The Devil is in the Details

By Ira Mark Egdall

I know from personal experience that for a scientist or engineer working on a complex state-of-the-art project, the greatest fear is making a simple mistake which proves disastrous. So when I learned the faster than light CERN experiment may be in error due to a faulty fiber optic connection, I blurted “oh, no!”

Apparently, CERN has identified two possible issues in their faster than light neutrino experiment: 1) the faulty optical fiber which would make the neutrino speeds less than reported, and 2) an oscillator used for GPS timing which would make the neutrino speeds greater than reported.

If true, it means great embarrassment to the CERN teams, and in particular the individuals responsible for the equipment. How could they overlook such simple things? There are just so many new and untried instruments, measurement devices, and methods in such an endeavor — the odds of missing something the first time through are quite high, no matter what the “quality control” approach.

In hindsight, the results should not have been released to the public until a full evaluation of the experiment, and a repeat test confirming findings. This, of course, is most difficult in our near instantaneous, globally-connected, hyper-information age. Not to make excuses, but I find my sympathies are with the folks at CERN.

We will have to wait for further analysis to find out the total impact of these issues. Most likely, final results will confirm Einstein was right — neutrinos do not travel faster than the speed of light. But for sure, the latest issues show we are all human. And the devil is in the details.


What do you think? I welcome all comments — pro and con.

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Quantum Entanglement

by Ira Mark Egdall

Nature is not only stranger than we imagine, it is stranger than we can imagine.
– J. B. S. Haldane

You want wild and crazy? Forget jumping out of an airplane or going out with that nose-pierced, body tattooed delinquent with the multi-colored hair your mother hates. Just look at reality.

I’m talking about the reality revealed by so-called quantum entanglement, where two particles — no matter how far apart — are intimately and instantly connected.

Take two entangled photons moving in different directions. Per conservation laws, if one is vertically polarized, the other must be horizontally polarized, and vice-versa. So when you measure the polarization of one photon, you instantly know the polarization of the other.

So what’s the big deal? Einstein and his colleagues Podolsky and Rosen (EPR) argued each photon had a certain polarization before you measured it. All the measurement did was reveal what that polarization was all along. And once you measured the first photon, you knew what the second photon’s polarization was.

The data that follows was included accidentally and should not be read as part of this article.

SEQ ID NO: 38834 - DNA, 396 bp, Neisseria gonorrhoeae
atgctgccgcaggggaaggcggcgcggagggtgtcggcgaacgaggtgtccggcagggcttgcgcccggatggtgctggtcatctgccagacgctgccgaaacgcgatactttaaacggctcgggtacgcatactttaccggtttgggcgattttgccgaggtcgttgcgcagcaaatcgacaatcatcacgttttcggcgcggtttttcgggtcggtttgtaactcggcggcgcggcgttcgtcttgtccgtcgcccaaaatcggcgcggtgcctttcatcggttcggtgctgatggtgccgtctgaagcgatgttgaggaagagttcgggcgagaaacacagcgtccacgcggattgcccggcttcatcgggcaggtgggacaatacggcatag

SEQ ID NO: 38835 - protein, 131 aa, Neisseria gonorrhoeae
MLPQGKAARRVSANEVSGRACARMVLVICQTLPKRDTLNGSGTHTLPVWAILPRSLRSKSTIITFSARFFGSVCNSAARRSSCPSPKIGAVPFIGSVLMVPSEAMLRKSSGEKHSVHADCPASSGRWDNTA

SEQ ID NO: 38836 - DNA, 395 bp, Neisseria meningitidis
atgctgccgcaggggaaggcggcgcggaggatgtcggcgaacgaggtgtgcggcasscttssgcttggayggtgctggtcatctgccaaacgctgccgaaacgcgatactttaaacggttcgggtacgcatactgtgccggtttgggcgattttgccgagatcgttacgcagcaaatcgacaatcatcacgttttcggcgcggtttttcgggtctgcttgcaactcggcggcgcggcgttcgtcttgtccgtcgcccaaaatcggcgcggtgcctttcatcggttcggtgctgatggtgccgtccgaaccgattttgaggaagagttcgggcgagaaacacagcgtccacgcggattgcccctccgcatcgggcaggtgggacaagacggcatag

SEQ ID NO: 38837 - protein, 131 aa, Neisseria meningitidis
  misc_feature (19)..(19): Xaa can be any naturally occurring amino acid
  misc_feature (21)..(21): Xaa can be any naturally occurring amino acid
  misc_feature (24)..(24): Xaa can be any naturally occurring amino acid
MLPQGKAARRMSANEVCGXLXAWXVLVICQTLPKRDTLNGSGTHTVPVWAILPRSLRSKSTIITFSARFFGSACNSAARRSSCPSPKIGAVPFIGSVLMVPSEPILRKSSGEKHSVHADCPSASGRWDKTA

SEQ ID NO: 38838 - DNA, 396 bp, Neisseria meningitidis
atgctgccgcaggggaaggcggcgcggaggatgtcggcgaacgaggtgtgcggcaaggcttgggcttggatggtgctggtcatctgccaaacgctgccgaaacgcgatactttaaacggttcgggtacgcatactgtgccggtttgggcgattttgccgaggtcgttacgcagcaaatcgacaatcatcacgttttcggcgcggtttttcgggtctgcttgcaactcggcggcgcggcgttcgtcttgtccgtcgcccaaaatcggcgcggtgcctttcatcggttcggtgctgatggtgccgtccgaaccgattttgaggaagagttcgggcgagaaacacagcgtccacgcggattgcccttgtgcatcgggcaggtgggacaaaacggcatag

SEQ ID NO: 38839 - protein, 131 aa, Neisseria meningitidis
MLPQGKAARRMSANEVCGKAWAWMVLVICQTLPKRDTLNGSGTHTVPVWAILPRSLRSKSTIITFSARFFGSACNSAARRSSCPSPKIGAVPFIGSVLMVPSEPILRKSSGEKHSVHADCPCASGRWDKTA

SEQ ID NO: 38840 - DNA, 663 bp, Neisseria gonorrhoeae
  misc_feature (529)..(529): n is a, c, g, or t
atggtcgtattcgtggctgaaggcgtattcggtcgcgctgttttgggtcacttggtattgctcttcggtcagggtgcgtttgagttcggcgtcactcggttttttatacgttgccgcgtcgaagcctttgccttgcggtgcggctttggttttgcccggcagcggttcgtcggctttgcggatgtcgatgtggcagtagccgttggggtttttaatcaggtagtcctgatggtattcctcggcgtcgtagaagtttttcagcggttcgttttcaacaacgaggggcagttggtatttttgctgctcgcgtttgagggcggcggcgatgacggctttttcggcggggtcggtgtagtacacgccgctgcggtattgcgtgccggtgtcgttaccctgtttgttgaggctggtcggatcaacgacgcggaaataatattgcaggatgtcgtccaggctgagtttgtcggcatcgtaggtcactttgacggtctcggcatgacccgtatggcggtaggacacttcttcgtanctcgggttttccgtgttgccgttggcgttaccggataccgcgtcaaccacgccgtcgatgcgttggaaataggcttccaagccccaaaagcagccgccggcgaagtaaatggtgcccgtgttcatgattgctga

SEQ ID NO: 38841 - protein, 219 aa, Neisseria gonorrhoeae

But quantum theory says a photon’s polarization, like its other variable attributes, is in a kind of limbo. Its polarization is undetermined until it is measured. In other words, a particle’s attributes like polarization are not programmed in advance. They exist only after measurement.

Physicists have since conducted a number of tests to find out whether this is true. These Bell experiments show quantum theory is right. A particle’s variable attributes are not pre-programmed. They are random — determined in the act of observation itself.

So in the above experiment, the polarizations of both photons start out indeterminate, in quantum limbo. The act of measuring the first photon sets its polarization — and the polarization of the second photon. Instantly. Across space. No matter how far apart the two particles are. Something here can and does influence something way over there. In zero time. The universe is “non-local”.

This quantum reasoning also applies to a particle’s location. As Rosenblum and Kuttner wrote in their book, Quantum Enigma, a particle “was not there before you found it there. Your happening to find it there caused it to be there.”

Whoa. Our universe is wilder than we can imagine.

Caveat: Arguments against the completeness of quantum theory and the interpretation of Bell experiments remain topics of ongoing physics discussion and research. David Bohm’s so-called Causal Interpretation of quantum mechanics is the most famous non-local hidden variable theory (there are a number of others). Bohm’s theory reproduces the predictions of quantum mechanics without resorting to probabilities. In Bohm’s clever but convoluted construct, a particle’s attributes are pre-programmed, known before measurement. Based on an idea from Louis de Broglie, a hidden “guiding wave” traveling faster than light governs the motion of a particle. However, the theory remains non-local.

What do you think? I welcome all comments — pro and con.

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You can also follow me on Twitter@IMEgdall